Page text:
'Utter shambles' for NHS workers who overpaid tax while undergoing training

Tens of thousands of employees could be in line for tax rebates

Updated: 

Some NHS staff who overpaid tax while undergoing training are struggling to get their money back, according to MoneySavingExpert.com.

The consumer help website believes tens of thousands of employees who completed widening access training (WAT) schemes could be in line for tax rebates by applying through their NHS trust, after being taxed as if they had undertaken paid work.

Nurses, midwives, health visitors, doctors and psychologists are among those who took part in WAT schemes, undertaking full-time training at colleges and universities. They are designed to broaden the professional knowledge of NHS workers.

MoneySavingExpert.com said it published guidance for NHS practitioners in July on how to claim if they might be eligible.

Since then, it said dozens of NHS staff have tried to reclaim. WAT trainees that MoneySavingExpert.com has spoken to who successfully reclaimed typically get over £1,000 back and one received £13,500.

But others have written to MoneySavingExpert to criticise a lack of clarity on who should be responsible for handling the refunds.

One group of health visitors described it as a "long, laborious, inconsistent process, with several anomalies, limited communication and no explanation for vast differences in amounts paid back".

MoneySavingExpert.com managing editor Guy Anker described the situation as an "utter shambles".

He said: "There is confusion about the rules, variances in what claimants get, and despite it being money they never should have paid in the first place, employees are essentially being put off from getting their money back.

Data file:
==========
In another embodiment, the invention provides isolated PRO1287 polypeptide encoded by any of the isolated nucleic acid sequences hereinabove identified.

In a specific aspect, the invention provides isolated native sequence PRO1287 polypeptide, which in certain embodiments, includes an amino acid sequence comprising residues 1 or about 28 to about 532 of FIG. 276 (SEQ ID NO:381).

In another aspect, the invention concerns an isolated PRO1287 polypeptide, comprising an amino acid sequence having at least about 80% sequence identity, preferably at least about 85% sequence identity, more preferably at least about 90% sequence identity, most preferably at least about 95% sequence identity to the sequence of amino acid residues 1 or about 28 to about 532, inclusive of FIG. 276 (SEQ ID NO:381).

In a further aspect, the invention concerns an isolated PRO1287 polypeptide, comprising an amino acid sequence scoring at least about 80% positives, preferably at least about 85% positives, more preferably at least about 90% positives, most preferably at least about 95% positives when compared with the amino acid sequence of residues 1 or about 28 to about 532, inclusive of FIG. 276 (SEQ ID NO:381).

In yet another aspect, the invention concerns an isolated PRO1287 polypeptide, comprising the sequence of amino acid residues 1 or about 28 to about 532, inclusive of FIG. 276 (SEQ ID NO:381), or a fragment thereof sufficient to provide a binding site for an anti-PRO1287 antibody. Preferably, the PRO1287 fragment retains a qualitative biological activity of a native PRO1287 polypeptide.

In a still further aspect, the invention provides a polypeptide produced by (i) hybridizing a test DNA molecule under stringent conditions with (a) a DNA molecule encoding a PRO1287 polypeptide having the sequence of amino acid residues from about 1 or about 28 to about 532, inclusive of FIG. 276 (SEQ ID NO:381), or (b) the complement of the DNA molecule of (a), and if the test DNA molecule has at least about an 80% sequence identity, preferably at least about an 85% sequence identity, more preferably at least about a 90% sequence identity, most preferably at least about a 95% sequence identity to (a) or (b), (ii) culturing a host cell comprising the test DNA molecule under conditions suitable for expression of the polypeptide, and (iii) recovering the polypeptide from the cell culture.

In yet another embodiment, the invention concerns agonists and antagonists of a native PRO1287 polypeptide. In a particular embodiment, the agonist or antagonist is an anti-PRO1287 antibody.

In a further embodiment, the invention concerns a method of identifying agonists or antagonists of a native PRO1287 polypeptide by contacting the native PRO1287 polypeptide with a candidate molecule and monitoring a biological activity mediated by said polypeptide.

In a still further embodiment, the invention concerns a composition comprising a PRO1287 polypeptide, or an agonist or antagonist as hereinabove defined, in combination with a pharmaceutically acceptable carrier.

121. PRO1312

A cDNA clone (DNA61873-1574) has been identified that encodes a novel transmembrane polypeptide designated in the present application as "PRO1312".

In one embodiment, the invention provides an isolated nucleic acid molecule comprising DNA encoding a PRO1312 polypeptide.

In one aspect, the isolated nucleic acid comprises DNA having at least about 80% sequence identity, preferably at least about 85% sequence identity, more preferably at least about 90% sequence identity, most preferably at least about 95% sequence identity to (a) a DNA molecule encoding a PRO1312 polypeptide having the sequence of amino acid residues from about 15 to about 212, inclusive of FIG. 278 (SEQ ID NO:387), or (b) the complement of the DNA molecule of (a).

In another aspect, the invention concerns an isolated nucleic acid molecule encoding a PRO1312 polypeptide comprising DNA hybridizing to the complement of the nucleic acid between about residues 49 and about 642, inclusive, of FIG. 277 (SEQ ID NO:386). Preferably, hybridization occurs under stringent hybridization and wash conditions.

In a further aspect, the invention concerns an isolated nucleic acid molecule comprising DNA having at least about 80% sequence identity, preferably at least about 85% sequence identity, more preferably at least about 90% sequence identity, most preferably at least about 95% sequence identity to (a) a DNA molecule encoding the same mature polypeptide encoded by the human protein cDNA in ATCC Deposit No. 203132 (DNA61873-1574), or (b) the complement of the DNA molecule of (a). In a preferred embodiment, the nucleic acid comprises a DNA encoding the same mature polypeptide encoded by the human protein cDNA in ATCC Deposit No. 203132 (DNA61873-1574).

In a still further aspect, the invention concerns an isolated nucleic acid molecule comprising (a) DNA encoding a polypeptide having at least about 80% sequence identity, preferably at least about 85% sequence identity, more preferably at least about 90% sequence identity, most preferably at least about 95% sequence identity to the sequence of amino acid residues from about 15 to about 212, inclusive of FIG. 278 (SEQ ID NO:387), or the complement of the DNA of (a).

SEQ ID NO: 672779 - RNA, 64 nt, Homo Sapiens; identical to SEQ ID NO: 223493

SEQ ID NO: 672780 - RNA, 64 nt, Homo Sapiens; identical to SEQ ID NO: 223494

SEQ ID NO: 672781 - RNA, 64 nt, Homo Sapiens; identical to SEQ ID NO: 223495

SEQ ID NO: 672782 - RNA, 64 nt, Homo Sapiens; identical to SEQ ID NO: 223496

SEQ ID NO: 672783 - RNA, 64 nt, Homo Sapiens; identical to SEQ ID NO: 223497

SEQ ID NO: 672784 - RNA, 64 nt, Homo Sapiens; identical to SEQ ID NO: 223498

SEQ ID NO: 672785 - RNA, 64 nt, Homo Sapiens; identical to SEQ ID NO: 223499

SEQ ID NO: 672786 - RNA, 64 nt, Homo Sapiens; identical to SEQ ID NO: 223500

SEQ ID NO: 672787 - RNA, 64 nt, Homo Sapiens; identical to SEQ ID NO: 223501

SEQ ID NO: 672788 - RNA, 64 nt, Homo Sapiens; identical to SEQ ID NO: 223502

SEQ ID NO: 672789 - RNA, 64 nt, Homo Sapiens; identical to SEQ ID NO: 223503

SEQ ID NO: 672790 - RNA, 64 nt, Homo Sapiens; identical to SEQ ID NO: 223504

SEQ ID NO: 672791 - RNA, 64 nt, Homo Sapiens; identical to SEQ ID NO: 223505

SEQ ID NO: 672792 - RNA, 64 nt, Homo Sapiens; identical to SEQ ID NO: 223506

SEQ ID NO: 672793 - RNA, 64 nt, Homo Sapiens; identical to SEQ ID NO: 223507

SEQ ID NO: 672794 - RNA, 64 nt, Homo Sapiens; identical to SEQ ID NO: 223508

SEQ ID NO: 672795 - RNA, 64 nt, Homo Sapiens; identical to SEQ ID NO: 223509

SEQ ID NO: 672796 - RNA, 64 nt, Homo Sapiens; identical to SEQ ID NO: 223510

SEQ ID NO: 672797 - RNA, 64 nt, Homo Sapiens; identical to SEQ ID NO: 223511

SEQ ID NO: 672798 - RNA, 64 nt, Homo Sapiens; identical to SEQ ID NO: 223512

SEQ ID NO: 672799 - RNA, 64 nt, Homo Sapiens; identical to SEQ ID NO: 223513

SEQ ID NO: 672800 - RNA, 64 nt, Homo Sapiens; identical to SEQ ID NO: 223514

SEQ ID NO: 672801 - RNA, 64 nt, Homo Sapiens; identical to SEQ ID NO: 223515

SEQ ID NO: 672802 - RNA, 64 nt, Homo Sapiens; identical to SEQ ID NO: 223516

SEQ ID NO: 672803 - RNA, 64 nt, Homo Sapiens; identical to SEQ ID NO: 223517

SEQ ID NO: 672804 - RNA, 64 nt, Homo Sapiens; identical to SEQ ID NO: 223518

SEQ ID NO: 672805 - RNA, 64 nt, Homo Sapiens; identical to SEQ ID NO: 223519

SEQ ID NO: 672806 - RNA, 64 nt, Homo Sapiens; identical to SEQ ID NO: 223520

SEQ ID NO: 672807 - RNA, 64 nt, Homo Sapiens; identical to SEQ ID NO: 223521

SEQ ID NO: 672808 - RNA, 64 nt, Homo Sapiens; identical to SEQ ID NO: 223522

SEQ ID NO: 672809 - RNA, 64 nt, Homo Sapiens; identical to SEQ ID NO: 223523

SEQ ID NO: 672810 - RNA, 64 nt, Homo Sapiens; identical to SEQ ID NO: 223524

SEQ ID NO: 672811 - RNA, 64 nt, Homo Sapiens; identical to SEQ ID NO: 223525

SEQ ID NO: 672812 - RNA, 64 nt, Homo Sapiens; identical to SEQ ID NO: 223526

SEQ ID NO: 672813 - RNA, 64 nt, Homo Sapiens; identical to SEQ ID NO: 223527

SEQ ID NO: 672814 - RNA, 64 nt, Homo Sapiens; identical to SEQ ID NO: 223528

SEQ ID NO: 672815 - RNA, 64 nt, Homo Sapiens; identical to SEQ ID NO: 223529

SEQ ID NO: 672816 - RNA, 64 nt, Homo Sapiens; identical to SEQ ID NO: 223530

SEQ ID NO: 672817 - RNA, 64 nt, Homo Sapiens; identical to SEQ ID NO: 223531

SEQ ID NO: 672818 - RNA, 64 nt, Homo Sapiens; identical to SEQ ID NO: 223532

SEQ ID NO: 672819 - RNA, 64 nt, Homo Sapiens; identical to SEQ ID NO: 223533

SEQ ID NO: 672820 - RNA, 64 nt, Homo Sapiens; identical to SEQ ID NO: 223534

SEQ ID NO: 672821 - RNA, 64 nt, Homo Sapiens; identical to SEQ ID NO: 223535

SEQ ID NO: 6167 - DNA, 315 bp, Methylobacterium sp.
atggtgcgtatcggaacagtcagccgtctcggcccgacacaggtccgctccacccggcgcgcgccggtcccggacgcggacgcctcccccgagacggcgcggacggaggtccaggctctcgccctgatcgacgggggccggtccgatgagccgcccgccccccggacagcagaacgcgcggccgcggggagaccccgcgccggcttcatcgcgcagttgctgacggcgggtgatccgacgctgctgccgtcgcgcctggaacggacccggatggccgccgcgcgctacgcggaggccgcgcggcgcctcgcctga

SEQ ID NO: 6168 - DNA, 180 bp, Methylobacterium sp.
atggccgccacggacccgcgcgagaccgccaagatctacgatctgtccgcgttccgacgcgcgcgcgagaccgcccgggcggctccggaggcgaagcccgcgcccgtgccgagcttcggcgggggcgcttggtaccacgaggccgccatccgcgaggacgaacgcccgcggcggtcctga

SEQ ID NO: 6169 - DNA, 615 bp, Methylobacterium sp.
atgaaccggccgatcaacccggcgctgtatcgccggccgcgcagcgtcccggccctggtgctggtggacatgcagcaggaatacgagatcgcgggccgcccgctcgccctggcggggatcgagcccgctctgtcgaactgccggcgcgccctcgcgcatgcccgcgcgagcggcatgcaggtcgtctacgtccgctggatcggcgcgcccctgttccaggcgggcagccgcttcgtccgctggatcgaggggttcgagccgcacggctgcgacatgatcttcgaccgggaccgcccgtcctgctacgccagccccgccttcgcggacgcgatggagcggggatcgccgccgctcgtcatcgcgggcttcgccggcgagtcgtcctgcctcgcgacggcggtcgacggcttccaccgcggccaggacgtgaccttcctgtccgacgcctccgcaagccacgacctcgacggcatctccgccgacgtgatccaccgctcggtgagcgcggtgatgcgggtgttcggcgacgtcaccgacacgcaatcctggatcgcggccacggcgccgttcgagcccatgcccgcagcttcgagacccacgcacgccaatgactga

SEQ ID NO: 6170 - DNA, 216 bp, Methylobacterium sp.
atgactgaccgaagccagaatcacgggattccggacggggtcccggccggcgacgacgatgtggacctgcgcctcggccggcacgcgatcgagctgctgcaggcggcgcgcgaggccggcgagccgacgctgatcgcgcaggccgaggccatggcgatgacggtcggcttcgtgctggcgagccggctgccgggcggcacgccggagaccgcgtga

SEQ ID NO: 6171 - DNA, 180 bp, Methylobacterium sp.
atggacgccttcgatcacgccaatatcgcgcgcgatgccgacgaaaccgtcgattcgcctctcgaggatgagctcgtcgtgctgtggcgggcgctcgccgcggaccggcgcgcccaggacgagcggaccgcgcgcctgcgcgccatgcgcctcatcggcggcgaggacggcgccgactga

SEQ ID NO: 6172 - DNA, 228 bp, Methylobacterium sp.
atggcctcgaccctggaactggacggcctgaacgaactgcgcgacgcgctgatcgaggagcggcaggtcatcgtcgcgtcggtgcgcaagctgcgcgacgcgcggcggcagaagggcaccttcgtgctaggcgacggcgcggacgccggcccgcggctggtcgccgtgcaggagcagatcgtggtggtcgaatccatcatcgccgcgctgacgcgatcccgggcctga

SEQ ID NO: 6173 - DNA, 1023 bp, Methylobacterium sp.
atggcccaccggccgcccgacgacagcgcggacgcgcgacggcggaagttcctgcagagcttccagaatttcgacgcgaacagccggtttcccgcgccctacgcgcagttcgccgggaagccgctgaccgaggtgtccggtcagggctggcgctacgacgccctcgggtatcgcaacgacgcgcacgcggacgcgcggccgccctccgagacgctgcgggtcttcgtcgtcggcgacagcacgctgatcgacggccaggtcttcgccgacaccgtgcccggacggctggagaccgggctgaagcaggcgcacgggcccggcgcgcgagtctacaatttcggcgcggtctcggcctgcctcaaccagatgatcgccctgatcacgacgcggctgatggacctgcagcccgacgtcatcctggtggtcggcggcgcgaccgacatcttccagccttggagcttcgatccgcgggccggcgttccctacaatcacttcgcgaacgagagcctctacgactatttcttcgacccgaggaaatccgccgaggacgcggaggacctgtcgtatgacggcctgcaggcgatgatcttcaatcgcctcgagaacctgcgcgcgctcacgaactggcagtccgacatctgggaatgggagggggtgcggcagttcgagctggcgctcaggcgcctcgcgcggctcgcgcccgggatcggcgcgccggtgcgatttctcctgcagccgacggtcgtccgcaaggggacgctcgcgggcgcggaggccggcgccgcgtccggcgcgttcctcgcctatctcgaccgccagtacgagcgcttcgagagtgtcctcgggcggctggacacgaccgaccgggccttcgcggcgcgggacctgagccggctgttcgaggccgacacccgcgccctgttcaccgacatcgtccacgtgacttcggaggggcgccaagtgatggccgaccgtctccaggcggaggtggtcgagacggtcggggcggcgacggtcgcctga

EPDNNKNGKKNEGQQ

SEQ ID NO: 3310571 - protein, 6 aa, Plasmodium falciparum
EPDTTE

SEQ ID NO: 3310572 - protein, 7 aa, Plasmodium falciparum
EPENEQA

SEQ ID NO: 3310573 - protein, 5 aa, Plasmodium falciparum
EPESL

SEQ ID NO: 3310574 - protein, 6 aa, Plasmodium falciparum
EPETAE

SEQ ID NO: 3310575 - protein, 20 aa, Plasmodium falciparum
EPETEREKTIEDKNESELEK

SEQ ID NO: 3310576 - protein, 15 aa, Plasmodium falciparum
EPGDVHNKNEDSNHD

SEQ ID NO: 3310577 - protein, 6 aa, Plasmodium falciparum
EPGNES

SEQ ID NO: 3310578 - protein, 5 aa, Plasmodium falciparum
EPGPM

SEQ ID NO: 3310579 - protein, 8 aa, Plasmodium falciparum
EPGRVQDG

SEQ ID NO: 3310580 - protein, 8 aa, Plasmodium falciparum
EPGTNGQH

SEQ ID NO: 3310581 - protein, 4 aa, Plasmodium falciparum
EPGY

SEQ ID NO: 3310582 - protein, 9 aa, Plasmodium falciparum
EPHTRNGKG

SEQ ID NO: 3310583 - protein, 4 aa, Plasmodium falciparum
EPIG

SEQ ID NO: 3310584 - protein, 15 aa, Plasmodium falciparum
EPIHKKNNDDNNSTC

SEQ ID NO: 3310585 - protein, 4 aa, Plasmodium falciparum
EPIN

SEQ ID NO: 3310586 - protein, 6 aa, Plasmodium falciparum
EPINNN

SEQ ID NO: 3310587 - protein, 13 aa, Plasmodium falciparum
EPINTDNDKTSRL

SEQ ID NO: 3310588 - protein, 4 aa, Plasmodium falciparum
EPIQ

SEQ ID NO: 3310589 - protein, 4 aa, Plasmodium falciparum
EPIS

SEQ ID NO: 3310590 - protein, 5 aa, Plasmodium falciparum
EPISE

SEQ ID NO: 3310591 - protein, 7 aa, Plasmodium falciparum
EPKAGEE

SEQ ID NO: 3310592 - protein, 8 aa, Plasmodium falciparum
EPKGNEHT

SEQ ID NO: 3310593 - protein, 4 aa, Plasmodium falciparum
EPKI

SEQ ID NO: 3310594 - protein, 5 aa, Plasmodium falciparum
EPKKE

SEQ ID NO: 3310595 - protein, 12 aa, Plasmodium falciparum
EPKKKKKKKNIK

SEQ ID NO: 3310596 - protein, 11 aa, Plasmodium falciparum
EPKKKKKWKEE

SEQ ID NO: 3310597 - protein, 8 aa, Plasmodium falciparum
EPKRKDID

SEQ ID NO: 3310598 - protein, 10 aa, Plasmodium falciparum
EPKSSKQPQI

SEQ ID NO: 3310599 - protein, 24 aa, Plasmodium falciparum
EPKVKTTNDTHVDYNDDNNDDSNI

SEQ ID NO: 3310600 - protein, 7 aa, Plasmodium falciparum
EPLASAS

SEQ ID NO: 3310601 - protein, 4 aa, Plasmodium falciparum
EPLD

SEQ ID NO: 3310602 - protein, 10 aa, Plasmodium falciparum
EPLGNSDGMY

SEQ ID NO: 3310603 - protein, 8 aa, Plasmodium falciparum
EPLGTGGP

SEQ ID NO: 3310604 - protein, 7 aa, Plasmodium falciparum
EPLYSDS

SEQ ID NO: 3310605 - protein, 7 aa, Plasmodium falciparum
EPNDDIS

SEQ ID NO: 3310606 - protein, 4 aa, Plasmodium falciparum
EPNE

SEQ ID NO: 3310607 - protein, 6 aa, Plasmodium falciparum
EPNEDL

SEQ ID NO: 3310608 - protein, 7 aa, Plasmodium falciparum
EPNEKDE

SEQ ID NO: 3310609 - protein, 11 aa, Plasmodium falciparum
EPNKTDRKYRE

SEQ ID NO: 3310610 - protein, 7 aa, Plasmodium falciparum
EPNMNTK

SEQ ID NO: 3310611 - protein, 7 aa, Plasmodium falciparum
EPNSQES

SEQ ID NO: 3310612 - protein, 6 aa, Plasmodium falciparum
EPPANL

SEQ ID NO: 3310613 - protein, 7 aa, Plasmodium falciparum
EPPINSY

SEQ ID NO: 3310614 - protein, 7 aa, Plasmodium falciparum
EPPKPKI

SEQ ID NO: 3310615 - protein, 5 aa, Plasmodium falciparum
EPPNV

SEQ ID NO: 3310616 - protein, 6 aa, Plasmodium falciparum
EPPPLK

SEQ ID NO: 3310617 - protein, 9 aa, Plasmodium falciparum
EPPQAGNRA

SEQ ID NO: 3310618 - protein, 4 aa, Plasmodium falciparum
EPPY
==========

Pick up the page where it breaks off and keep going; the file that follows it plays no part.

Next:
"HMRC (HM Revenue and Customs) needs to issue clear guidance on both tax and national insurance rebates to all trusts and regardless of who's at fault, anyone enrolled in this scheme going forward needs to have the correct deductions made automatically through payroll."

HMRC said the refunds, which only apply to a small fraction of NHS staff who have undertaken training, are being processed quickly in cases where it is provided with all the relevant information.

It has agreed to review cases up to and including 2013 to reduce the administrative burden on the NHS trusts, but said it has always been the responsibility of employers to follow the relevant guidance.

A spokesman for HMRC said: "We are working closely with NHS trusts to ensure that all those who overpaid receive refunds as soon as possible. This may take some time depending on the quality of information provided to us. We ask customers to do some basic checks first before contacting us."

MoneySavingExpert.com has a reclaim guide for those affected at www.moneysavingexpert.com/reclaim/nhs-reclaim.